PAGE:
If it's not another name for the town of Hanna, then it's just west of Hanna.  (Mike Flannigan, Jan 16, 2001)



Location not determined.



Location not determined.



Could you tell me if there are any ghost towns in Pulaski County, Mo? I would like to know what happened to Cooksville, MO. I believe it was in that county. Fort Leonard Wood Army base now is where the town stood.

(Margaret MO-GT Jun 09, 2002)


Cookville (no S) looks like it was history before the reservation was formed.  It had no residences in 1954 that I can see.  In 1941 I see 3 residences.  St. Annie Church and School were to the south.  Dondas Church to the north.  It's a pretty neat area.  I suggest you visit it if they still allow it.  They did allow it 3 years ago.  All the towns in this area, were taken over and basically razed by the army.  They now do bombing practice in this area and sometimes target the old structures. You have to be careful if you visit. 

(Mike Flannigan, Jun 10, 2002)


Cookville is located on the west side of Roubidoux Creek, in the southwestern part of Fort Leonard Wood, about three miles east of SH 17,  (GBS)


W end of southern line Sec 13, northern line of Sec 24, T34N, R12W, Fifth Principal Mer

Lat: 37.6489316, Long: -92.2098865

Lat: 37º 38’ 56”N, Long: 92º 12’ 36”W - elevation 1010’



Was a post office in Cullen Township. It was named for J. M. Curtis, an early county judge.  It was discontinued before 1938.



Location not determined.



Location not determined.



Location not determined.



Location not determined.



Was a post office in Liberty Township. It was discontinued by 1938.  This is another name for the town of Gascozark, which is a little over a mile east of Hazelgreen.  It is still populated.



Location not determined.



Location not determined.



Punkin Center, Pumkin Center


Was a post office in Liberty Township. It was discontinued by 1938. 

Exact location not determined.



Location not determined.



Was a village in eastern Tavern Township, one mile north of Crocker. It was abandoned before 1869. It was named for Mr. Humboldt who owned a store there.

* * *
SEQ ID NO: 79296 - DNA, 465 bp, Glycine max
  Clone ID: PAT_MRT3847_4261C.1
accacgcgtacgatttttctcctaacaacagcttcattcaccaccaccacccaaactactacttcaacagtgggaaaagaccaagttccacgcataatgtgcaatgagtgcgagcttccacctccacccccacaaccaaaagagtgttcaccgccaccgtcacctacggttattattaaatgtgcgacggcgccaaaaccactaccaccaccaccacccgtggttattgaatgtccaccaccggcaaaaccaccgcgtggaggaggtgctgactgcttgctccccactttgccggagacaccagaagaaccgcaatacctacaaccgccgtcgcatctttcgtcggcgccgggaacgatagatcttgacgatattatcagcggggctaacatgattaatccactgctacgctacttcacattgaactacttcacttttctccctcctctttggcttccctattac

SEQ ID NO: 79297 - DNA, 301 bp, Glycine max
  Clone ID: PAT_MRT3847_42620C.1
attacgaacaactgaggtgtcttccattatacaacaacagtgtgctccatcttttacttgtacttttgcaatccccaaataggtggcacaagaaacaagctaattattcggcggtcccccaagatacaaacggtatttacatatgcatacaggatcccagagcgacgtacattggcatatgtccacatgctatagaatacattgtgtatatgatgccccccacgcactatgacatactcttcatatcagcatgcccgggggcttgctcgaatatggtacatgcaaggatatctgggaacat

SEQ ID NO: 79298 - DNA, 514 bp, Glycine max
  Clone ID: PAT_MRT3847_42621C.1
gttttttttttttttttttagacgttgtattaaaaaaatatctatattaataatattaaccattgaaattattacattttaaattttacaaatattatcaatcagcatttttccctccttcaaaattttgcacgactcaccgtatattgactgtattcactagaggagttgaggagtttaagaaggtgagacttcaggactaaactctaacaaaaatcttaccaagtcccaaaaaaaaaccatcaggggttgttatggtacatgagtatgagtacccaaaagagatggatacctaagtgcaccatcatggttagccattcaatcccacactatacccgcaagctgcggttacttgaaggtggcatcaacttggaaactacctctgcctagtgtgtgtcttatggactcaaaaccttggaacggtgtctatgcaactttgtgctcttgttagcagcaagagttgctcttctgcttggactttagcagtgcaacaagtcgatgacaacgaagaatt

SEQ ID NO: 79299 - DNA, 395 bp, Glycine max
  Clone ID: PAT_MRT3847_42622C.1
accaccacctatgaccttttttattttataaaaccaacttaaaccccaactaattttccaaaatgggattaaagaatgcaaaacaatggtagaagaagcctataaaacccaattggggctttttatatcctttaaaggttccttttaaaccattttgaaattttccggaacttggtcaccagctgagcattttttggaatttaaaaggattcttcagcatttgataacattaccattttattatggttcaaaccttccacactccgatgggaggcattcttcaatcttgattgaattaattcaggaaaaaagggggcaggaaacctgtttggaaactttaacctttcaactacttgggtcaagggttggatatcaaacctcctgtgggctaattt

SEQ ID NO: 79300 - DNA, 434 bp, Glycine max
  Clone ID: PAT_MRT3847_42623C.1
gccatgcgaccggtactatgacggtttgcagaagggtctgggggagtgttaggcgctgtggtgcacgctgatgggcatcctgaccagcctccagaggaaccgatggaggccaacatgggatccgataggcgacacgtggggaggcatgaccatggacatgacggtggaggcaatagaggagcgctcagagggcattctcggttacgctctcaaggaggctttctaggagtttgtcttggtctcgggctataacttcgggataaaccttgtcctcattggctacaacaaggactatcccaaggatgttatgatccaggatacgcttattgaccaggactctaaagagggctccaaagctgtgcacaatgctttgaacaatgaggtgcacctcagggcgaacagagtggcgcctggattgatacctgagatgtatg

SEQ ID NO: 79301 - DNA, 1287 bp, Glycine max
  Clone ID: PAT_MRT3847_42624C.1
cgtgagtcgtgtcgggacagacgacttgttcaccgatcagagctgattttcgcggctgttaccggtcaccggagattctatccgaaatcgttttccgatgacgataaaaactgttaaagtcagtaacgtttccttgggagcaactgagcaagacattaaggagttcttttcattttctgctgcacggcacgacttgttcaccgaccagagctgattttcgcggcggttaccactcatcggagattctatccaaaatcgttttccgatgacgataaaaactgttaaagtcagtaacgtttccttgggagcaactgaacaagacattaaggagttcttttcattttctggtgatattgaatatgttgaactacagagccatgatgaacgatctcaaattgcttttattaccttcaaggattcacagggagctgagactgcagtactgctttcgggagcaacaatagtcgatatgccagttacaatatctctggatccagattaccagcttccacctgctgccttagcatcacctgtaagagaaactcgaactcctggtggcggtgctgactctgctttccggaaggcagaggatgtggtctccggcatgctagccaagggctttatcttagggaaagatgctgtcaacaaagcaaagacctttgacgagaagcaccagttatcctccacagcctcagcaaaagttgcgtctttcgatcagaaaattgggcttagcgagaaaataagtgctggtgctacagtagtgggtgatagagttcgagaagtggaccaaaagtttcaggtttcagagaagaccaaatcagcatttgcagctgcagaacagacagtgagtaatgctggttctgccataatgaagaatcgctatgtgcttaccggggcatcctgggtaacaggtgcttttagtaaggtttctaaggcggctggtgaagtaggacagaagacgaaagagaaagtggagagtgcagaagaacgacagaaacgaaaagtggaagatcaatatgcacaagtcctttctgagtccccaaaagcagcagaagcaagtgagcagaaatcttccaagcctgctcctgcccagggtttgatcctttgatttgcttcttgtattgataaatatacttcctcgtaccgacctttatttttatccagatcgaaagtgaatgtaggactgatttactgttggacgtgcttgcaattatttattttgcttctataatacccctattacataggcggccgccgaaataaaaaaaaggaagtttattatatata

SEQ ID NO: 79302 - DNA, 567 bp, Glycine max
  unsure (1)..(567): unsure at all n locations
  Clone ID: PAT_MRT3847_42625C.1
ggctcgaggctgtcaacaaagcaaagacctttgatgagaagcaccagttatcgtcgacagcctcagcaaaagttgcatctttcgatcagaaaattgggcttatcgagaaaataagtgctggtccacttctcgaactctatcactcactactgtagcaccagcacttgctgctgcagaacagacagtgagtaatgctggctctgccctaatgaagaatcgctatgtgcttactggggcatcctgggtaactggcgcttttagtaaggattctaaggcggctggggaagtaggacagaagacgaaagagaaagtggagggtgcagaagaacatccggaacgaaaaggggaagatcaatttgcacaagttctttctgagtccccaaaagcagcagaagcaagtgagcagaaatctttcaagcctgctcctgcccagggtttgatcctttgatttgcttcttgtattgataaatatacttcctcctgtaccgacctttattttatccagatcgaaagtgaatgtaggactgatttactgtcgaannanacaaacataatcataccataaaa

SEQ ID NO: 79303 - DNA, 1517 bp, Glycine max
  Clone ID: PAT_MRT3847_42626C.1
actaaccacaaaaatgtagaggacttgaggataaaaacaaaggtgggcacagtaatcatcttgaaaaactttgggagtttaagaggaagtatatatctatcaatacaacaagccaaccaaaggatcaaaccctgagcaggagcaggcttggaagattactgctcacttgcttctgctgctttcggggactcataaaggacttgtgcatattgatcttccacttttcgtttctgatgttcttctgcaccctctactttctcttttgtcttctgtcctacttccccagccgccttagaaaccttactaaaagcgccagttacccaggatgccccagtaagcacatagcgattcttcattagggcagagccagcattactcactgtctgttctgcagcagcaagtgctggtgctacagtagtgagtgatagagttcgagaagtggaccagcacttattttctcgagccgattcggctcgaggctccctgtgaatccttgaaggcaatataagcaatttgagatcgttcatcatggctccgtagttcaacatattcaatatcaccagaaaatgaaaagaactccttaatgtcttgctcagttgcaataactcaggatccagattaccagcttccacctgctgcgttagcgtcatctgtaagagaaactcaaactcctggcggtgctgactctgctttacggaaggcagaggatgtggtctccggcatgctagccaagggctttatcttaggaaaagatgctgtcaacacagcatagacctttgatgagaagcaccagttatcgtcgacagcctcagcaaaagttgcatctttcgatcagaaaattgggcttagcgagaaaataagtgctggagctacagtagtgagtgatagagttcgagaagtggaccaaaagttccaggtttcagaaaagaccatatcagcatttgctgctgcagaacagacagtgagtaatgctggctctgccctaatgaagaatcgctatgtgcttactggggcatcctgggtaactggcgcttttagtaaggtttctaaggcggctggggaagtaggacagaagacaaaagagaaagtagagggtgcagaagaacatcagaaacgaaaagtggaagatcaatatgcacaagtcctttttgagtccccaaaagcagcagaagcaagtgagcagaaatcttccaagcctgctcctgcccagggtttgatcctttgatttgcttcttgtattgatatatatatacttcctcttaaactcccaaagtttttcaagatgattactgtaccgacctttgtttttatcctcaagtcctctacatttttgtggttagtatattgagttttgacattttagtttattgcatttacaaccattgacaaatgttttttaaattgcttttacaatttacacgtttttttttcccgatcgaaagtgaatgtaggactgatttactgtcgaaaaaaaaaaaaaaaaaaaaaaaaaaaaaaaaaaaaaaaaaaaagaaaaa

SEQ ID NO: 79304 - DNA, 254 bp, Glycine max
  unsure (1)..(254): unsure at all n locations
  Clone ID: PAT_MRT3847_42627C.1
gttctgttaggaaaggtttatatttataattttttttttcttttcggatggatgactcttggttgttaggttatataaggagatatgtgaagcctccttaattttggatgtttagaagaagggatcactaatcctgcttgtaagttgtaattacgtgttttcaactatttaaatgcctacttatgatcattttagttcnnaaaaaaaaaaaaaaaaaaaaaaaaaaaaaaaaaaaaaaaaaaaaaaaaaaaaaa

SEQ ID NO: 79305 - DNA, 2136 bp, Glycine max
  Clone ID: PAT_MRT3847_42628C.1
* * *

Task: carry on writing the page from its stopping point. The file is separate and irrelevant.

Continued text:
Location not determined.



…SEE Richland.



Was a post office in Cullen Township. It was named for H. P. Metcalf, the first postmaster. It was discontinued before 1938.



Location not determined.



Location not determined.



This could be Stillhouse Springs, or it could be over by Clementine, or it might be elsewhere. (M Flannigan, Jan 16, 2001)



Was a post office in Piney Township. It is located on a bluff. It was discontinued by 1938. 

This is a very interesting place about 1.25 miles south of Ross Bridge.  (Mike Flannigan, Jan 16, 2001)



…SEE Hawkins



…SEE Hawkins



AKA –  Lyon


Was a town in western Liberty Township, laid out in 1869.  It was originally called Lyon, but the name was changed when it was discovered that there was another Lyon in MO. 

Listed as a ghost town, but I think this is present-day Richland.  (MF)



Was a post office in Roubidoux Township. It was named after Santa Anna by soldiers returning from the Mexican War. It was discontinued by 1938. 

This is a fascinating town that had a church and school, amongst other things.  Wish we could find some more history on this one.  (Mike Flannigan, Jan 16, 2001)



Location not determined.



Was an early settlement that was abandoned for a time and then repopulated by 1938.  It was located along US 66. 

Seems odd this recent town has been lost. (MF, Jan 16, 2001)



Location not determined.



Location not determined.



Was a village southeast of Waynesville. It was named for a pioneer family. It was abandoned by 1938.